Without admitting or denying the allegations in the Complaint, Fiore, Berkshire, and SPYR consented to the entry of final judgments that require them to jointly and severally pay $2 million of disgorgement and prejudgment interest, with each Defendant separately paying a $500,000 civil penalty. Additionally, Fiore, Berkshire, and SPYR agreed to be permanently enjoined from violating the antifraud, market manipulation, beneficial ownership reporting, and other provisions of the federal securities laws charged in the complaint. Further, Fiore and Berkshire agreed to be barred for five years from participating in any penny stock offering, and Fiore consented to a five-year bar from acting as an officer or director of any issuer that has a class of securities registered pursuant to Section 12 of the Exchange Act or that is required to file reports pursuant to Section 15(d) of the Securities Exchange Act of 1934.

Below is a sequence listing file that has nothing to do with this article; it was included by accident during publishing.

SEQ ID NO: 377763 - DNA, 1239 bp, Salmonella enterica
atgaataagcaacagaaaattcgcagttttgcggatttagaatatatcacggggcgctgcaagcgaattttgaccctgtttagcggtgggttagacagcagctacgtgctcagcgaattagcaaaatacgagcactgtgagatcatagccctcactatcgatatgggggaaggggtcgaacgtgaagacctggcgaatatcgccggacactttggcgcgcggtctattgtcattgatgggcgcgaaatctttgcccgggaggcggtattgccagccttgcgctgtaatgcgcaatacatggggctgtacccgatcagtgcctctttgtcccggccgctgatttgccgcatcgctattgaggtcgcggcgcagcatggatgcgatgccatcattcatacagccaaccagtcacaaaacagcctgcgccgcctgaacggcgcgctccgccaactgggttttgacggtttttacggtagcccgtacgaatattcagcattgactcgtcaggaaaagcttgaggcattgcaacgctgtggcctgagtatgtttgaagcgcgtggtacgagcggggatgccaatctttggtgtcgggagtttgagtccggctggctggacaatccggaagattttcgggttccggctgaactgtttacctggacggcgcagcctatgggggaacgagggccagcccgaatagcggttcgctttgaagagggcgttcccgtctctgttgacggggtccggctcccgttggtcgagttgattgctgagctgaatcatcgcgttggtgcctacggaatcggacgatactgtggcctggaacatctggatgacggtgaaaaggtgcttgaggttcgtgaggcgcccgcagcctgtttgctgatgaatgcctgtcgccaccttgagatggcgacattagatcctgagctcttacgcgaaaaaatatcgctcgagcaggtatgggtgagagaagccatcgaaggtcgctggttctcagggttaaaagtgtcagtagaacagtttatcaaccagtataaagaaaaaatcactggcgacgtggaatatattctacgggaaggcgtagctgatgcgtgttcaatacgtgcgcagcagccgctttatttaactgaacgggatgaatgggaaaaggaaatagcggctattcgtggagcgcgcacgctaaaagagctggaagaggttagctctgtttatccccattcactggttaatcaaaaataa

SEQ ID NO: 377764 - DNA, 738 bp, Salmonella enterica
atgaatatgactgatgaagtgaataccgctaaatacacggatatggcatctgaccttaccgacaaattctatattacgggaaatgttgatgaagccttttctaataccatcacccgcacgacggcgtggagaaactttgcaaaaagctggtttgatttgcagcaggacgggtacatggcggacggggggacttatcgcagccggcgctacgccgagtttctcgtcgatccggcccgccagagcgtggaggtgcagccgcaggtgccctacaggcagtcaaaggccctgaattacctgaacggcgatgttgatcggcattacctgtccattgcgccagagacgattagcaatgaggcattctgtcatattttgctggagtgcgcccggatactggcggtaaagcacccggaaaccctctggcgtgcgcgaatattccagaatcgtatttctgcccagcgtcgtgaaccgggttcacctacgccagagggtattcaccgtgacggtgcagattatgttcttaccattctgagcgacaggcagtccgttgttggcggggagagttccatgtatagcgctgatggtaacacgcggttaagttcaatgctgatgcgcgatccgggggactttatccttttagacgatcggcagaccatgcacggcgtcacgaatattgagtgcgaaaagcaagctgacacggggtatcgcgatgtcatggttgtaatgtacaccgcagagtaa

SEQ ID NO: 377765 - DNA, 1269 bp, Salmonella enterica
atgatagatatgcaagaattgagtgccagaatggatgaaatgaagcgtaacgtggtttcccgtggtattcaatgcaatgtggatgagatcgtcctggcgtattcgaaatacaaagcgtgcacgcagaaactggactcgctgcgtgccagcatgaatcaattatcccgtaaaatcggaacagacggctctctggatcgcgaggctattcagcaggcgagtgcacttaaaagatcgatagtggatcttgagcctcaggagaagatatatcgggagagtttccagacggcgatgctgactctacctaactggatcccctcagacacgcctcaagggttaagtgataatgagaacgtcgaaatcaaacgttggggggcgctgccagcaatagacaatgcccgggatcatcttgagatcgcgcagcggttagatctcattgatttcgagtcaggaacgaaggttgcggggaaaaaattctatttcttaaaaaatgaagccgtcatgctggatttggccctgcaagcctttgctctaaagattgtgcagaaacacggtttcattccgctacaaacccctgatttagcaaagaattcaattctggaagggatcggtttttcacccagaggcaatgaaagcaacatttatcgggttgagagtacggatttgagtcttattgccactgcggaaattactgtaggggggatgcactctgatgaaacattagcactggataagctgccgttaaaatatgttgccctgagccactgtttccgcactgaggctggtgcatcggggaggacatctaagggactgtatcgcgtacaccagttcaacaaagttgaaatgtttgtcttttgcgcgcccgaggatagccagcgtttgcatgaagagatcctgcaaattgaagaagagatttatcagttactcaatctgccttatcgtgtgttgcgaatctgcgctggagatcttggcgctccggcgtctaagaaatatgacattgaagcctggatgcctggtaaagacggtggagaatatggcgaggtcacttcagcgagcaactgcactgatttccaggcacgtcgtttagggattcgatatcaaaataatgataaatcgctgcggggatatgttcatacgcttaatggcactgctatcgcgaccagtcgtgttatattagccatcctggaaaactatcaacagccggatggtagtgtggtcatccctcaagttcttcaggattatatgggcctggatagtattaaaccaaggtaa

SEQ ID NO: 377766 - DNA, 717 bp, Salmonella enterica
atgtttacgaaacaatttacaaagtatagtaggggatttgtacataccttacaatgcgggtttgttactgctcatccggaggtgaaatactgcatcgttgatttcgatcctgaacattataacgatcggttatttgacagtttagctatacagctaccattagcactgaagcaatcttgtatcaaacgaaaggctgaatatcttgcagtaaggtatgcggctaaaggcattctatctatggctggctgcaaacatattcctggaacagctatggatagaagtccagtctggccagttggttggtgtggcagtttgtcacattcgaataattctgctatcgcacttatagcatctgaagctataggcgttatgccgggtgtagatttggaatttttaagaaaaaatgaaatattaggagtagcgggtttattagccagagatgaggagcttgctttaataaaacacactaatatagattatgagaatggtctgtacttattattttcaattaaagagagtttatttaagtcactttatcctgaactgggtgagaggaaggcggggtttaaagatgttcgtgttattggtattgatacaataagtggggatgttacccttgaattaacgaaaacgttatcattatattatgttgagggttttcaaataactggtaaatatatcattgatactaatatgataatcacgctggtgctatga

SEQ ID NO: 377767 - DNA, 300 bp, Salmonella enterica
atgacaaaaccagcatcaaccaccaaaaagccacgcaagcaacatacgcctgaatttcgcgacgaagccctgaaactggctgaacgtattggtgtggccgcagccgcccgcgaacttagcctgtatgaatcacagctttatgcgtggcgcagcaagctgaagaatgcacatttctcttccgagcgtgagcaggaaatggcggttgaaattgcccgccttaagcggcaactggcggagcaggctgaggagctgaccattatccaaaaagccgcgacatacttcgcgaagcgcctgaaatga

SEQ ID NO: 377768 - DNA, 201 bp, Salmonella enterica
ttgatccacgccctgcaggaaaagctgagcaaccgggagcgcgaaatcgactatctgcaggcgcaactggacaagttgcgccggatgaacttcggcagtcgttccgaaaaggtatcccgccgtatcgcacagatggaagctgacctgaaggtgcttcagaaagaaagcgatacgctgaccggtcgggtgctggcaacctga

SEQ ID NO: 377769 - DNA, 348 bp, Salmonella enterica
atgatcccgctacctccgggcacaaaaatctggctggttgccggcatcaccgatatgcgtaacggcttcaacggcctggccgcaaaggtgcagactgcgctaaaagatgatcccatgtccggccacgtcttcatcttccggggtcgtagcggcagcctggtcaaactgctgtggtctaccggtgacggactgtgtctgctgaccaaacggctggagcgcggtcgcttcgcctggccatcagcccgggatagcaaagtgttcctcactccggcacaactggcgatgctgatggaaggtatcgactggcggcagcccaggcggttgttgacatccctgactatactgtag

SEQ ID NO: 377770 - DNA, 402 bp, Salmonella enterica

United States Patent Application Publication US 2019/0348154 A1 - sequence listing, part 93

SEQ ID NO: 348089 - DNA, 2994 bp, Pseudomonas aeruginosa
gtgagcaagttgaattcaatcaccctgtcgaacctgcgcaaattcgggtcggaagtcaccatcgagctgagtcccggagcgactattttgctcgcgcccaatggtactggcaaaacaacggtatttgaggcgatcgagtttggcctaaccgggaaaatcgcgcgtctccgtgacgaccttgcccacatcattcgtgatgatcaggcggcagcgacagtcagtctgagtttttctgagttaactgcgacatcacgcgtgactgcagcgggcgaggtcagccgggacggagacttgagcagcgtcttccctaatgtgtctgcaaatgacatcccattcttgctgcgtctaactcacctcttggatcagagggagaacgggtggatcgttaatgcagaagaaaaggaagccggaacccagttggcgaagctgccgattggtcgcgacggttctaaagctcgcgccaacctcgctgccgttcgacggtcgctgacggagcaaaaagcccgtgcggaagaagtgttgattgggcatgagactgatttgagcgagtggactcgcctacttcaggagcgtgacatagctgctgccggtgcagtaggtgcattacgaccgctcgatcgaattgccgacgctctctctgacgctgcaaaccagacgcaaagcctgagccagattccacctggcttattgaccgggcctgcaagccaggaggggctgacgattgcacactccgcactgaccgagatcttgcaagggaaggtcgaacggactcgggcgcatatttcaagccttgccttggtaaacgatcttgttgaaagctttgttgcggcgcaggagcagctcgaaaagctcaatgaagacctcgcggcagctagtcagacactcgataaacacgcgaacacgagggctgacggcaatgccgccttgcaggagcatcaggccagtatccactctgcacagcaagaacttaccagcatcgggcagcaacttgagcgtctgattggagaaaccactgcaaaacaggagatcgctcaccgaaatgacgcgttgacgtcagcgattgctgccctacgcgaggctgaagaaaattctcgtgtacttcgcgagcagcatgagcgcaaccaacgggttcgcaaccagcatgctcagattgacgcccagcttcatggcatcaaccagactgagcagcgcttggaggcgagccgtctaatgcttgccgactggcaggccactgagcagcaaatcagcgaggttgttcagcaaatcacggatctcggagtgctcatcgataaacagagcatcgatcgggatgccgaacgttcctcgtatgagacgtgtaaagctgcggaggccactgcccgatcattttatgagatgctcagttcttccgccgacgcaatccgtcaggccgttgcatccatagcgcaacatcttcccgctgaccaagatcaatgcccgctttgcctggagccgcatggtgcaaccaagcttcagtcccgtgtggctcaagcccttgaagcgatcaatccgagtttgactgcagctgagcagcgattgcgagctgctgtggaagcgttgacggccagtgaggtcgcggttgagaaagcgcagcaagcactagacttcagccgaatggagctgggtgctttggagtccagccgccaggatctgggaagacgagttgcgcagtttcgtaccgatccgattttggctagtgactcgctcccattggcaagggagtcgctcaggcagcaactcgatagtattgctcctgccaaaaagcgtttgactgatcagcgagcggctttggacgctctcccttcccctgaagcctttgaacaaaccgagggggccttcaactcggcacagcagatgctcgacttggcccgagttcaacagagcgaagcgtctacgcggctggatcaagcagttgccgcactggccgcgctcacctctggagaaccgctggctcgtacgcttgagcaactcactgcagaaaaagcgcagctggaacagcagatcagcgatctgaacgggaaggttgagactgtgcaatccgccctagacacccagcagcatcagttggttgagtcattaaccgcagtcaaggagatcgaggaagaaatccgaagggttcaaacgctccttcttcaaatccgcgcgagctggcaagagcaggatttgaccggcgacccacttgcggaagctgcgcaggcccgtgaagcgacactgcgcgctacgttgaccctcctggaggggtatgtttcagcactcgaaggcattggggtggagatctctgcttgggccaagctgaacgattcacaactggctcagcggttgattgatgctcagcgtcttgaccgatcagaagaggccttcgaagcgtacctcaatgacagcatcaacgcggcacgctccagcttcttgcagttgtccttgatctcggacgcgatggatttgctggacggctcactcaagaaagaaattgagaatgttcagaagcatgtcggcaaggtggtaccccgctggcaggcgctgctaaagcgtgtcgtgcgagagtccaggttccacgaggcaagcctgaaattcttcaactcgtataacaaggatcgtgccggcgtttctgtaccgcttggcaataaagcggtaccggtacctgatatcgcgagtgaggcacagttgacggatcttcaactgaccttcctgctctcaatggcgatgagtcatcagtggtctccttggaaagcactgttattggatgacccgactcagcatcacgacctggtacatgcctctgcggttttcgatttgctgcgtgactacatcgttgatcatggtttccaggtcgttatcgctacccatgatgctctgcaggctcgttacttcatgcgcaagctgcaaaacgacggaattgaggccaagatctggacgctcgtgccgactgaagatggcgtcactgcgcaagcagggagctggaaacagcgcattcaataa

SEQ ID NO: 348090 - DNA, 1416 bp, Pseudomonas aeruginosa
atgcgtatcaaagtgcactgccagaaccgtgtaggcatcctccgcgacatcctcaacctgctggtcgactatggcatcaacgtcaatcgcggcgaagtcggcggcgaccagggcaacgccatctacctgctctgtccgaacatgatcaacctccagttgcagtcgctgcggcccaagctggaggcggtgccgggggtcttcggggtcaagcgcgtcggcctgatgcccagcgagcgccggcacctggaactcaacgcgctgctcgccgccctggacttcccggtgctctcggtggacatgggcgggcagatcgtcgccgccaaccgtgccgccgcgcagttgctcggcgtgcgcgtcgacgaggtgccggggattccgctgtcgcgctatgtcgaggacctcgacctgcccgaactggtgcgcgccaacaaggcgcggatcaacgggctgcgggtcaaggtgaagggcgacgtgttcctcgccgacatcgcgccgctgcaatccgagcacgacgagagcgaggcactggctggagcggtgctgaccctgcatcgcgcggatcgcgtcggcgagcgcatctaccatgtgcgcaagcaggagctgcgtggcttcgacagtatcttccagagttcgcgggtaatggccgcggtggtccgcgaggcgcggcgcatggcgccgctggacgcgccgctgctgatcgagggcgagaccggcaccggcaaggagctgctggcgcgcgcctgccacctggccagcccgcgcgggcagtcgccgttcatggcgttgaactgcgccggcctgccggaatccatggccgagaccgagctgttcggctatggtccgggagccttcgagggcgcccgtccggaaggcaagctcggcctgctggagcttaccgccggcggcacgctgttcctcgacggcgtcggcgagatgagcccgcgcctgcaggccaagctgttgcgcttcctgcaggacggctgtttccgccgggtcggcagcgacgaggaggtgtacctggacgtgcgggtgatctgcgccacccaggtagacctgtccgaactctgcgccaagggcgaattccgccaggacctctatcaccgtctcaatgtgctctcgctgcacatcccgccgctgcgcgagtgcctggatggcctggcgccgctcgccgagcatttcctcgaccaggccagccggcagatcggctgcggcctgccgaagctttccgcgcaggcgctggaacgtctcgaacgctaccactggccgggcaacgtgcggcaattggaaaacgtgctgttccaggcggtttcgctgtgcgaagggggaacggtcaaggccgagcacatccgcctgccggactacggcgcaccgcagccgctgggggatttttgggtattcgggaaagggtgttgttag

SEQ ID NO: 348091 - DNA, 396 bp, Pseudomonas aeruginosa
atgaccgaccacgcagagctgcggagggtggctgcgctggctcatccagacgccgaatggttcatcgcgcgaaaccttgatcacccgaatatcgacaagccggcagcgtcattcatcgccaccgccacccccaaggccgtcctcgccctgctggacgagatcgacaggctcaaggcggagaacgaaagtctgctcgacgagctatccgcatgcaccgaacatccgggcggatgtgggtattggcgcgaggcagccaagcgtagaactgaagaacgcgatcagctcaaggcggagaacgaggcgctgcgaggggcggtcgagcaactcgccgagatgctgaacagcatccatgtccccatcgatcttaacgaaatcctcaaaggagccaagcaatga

Jeff Carpoff pled guilty in the United States District Court for the Eastern District of California to conspiracy to commit wire fraud and money laundering; and his wife, Paulette Carpoff, pled guilty to conspiracy to commit an offense against the United States and money laundering. Additionally, Defendants Joseph W. Bayliss and Ronald J. Roach, Robert A. Karmann, and Ryan Guidry pled guilty to charges related to the underlying fraud. The Court ordered a final forfeiture of $3.9 million in private jet shares bringing the total court-ordered forfeiture this year to more than $54 million related to the DC Solar Ponzi scheme. The forfeitures included the seizure and auction of 148 of the Carpoffs' luxury and collector vehicles that resulted in recouping over $8.2 million for victims. As alleged in the DOJ Release, the Carpoffs used money from the scheme to pay for a minor-league professional baseball team and a NASCAR racecar sponsorship; to purchase luxury real estate; a subscription private jet service; a suite at a professional football stadium; and jewelry. As alleged in part in the DOJ Release: